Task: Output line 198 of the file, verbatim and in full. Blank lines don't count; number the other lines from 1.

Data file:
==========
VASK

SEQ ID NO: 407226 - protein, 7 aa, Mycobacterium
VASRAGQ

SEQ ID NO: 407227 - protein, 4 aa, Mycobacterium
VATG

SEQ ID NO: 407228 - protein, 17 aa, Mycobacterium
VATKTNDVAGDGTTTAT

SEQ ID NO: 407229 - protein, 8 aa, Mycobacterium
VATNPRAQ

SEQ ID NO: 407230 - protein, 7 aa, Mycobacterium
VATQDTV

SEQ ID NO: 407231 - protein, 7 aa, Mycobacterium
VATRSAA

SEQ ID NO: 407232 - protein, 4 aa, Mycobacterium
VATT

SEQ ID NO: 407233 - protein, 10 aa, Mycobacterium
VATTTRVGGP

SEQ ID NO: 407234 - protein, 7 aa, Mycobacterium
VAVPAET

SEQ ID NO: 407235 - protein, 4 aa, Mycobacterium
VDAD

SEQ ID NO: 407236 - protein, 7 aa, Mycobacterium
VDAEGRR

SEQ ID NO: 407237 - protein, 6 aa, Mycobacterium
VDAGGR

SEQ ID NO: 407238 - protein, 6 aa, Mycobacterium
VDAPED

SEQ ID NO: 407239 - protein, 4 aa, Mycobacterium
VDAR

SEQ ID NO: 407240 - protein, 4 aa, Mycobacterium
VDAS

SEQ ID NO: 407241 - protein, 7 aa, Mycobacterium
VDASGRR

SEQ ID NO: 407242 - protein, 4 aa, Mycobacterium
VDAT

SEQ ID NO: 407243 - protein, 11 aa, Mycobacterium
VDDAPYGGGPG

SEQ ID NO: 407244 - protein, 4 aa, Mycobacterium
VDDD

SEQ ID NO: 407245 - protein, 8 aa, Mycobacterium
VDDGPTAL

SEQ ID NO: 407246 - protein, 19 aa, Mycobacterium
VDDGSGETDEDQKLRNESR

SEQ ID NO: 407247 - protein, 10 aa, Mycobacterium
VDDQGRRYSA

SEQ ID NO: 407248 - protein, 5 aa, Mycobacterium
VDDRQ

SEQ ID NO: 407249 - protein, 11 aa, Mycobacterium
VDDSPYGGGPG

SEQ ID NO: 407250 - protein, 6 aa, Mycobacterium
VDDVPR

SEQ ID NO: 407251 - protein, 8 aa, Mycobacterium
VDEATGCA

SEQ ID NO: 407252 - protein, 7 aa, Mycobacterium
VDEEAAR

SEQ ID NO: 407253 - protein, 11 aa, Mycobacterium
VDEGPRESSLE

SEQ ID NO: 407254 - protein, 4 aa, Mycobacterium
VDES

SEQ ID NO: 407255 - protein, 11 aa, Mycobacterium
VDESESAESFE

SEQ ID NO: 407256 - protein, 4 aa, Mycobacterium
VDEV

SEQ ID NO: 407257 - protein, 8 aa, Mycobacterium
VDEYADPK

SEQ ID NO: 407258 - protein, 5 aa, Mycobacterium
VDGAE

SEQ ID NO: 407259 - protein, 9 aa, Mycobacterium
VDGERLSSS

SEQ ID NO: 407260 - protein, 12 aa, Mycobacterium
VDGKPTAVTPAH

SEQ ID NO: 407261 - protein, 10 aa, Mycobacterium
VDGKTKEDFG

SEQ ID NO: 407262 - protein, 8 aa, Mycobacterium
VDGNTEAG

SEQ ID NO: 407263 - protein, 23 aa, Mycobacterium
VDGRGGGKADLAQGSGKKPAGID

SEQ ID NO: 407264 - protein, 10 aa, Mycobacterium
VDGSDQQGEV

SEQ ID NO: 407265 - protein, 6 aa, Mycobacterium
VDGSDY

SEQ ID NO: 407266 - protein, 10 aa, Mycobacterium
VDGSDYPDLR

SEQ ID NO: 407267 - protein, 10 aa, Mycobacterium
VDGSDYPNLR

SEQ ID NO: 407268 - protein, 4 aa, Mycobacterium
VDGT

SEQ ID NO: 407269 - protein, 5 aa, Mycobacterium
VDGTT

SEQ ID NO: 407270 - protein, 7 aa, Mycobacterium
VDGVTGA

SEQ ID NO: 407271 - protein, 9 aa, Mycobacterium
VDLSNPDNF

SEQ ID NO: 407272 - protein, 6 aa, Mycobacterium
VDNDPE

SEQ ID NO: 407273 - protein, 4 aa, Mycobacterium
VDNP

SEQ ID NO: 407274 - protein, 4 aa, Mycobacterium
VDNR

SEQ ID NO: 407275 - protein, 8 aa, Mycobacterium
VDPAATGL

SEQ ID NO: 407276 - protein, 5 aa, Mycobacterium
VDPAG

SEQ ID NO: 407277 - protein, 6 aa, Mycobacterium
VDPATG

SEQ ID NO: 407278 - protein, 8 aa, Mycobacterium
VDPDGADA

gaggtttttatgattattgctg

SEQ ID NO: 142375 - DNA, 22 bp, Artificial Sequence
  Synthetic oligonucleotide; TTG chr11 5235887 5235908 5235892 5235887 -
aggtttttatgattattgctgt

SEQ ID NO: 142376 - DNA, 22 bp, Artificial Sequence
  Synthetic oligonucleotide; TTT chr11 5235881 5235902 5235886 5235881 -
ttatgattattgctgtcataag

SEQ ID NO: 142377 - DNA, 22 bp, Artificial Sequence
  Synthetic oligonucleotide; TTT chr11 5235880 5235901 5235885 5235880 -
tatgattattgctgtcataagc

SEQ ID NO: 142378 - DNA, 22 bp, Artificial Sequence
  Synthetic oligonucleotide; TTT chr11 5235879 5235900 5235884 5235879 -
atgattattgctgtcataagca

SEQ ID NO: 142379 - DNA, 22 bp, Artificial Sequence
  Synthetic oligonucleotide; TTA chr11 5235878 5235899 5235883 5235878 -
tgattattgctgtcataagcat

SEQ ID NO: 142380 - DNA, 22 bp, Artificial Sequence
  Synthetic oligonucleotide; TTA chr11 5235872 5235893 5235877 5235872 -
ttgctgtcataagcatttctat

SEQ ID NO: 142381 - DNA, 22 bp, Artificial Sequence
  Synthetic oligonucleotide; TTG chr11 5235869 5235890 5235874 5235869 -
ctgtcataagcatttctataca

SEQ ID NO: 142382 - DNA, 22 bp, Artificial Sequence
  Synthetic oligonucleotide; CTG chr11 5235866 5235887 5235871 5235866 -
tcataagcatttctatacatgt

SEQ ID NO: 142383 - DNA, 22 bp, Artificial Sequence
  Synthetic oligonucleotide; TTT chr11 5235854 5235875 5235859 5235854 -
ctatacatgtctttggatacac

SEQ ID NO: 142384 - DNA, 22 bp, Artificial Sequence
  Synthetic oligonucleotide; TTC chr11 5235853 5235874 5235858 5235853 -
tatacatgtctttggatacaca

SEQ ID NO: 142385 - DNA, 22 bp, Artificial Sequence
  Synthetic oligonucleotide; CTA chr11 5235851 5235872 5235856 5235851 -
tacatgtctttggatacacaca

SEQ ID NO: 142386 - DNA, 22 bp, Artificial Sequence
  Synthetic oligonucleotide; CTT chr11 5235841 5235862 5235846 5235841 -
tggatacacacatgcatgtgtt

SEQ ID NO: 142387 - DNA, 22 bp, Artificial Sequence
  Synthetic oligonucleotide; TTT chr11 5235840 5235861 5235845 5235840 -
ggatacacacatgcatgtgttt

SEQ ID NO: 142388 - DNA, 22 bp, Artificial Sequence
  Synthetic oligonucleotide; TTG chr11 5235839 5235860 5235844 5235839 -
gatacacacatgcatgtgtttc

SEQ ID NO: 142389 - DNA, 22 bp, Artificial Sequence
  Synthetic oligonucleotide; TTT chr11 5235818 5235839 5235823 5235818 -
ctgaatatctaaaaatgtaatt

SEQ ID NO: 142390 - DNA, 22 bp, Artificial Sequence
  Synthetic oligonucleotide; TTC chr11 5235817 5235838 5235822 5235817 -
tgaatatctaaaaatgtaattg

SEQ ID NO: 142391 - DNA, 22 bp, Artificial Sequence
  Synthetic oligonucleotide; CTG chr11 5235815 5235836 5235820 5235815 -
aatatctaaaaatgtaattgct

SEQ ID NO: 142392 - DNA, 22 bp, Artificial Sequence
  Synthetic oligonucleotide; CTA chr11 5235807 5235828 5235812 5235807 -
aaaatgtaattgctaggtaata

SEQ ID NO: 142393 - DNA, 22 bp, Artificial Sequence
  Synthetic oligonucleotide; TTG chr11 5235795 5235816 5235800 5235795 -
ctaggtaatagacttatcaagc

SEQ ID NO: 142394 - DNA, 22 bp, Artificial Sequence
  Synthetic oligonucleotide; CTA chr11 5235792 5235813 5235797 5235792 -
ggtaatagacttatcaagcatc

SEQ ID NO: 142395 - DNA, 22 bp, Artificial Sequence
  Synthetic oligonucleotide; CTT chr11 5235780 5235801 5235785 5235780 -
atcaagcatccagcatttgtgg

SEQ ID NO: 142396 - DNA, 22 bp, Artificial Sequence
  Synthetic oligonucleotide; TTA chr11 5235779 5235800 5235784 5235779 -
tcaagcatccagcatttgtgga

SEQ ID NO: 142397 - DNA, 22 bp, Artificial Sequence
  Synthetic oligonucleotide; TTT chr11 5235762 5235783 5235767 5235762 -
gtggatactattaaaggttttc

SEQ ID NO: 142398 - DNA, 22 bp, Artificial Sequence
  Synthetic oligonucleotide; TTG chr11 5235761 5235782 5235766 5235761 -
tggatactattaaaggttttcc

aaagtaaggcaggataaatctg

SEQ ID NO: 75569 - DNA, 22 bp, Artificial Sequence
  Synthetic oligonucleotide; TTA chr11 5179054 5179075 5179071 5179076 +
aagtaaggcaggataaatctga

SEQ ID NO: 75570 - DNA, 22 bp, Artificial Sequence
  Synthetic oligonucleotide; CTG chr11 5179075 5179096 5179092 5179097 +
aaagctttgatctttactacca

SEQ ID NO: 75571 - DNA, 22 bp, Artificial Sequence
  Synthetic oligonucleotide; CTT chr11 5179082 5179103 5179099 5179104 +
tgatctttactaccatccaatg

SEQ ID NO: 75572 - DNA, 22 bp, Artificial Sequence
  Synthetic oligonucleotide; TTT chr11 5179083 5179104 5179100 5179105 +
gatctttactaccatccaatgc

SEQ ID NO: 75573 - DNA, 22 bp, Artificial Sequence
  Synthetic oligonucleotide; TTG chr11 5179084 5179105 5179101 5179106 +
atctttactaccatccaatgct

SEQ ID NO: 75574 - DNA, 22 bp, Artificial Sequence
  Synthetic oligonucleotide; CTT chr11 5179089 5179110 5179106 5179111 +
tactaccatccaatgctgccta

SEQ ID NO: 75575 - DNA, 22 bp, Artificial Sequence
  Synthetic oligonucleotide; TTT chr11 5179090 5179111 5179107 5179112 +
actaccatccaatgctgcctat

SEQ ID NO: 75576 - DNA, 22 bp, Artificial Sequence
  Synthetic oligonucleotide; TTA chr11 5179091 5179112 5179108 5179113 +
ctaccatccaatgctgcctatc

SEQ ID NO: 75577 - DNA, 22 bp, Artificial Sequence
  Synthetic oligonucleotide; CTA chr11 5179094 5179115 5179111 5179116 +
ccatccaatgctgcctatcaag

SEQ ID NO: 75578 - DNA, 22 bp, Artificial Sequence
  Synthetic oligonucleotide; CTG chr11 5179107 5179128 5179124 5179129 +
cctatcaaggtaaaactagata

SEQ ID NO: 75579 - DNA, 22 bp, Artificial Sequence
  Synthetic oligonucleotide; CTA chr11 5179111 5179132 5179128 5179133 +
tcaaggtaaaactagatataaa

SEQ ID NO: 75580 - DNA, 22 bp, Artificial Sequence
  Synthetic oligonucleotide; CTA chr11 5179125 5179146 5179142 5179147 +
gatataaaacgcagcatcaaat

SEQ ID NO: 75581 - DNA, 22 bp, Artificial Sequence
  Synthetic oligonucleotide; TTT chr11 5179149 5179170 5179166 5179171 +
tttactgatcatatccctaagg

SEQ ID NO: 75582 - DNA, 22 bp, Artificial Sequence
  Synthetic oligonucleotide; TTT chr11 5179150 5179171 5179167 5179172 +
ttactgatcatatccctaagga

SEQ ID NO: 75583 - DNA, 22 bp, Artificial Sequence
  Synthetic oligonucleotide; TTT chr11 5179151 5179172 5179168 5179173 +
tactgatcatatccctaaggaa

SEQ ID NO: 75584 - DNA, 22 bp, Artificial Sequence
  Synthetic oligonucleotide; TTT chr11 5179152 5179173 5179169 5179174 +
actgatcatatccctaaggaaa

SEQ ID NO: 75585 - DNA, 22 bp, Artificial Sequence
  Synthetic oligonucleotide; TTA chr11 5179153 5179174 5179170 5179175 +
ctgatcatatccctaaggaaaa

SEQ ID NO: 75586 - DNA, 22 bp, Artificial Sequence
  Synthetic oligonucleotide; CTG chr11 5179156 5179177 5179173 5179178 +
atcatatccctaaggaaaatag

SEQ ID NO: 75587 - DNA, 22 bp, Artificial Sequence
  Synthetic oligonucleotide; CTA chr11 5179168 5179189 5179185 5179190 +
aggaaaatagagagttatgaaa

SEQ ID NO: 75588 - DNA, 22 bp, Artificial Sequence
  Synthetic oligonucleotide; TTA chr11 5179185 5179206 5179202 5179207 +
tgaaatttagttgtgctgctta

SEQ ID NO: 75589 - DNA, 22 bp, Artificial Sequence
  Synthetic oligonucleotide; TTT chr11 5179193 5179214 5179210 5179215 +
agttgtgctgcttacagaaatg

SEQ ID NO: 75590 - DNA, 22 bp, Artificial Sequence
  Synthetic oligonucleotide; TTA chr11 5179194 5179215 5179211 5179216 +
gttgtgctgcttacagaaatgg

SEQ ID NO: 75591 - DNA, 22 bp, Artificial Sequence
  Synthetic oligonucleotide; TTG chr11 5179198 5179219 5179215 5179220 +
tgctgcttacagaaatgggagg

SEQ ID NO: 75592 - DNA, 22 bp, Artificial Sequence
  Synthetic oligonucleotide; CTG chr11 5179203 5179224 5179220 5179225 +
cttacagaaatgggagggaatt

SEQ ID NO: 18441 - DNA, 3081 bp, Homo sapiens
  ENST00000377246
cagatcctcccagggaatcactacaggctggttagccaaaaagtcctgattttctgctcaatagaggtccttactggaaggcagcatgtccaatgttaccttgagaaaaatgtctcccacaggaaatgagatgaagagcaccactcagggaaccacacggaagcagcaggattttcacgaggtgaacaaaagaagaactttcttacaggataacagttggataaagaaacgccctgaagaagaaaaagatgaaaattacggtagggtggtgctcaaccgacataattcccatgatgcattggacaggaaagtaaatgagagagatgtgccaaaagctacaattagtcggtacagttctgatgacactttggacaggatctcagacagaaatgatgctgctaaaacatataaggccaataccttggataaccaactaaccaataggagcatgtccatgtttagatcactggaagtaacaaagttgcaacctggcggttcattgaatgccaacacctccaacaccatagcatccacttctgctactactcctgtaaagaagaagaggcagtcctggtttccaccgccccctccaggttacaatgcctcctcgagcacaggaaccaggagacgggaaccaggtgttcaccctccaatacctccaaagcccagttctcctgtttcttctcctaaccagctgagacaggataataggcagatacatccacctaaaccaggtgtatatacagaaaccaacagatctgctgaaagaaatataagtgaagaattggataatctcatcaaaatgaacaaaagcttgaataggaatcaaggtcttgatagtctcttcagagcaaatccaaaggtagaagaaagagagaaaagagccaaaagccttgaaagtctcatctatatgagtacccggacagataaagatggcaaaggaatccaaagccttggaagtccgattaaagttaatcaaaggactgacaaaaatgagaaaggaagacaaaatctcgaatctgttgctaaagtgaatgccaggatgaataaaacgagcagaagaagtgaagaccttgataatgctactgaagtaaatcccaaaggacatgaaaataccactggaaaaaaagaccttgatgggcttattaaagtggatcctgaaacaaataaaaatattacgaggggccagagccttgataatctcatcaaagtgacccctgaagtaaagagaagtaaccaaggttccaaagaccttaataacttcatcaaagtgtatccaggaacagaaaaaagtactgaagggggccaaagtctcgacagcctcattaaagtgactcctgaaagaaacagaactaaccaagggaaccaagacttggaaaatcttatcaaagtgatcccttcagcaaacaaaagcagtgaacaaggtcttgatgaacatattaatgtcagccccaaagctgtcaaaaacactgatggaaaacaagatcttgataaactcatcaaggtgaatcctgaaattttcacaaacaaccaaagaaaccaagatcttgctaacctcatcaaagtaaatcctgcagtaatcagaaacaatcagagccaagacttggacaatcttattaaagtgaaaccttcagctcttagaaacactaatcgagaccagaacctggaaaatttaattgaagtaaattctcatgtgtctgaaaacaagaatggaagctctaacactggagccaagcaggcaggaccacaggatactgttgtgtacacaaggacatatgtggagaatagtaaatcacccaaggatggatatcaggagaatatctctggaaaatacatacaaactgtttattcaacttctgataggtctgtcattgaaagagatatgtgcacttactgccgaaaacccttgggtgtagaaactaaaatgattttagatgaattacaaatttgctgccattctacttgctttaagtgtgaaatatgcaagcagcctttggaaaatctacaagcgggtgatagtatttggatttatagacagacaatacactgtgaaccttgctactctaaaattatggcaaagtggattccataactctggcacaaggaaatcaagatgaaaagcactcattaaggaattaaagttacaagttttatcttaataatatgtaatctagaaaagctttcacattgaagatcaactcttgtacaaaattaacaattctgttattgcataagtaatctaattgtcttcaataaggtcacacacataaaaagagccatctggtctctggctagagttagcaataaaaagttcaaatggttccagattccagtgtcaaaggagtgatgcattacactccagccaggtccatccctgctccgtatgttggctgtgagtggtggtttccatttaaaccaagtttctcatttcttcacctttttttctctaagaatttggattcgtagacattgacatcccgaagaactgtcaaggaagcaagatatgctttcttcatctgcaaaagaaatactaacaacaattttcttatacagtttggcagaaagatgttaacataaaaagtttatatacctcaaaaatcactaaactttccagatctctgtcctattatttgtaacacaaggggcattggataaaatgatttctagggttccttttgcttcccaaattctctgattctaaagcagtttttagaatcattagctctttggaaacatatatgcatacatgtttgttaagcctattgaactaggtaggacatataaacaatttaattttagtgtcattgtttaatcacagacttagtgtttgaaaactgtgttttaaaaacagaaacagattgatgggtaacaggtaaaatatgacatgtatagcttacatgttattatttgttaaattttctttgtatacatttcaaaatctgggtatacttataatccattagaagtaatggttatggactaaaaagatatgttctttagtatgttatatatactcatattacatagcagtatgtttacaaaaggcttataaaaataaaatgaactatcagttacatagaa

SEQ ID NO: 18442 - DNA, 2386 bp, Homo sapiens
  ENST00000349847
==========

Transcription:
  Synthetic oligonucleotide; CTT chr11 5179089 5179110 5179106 5179111 +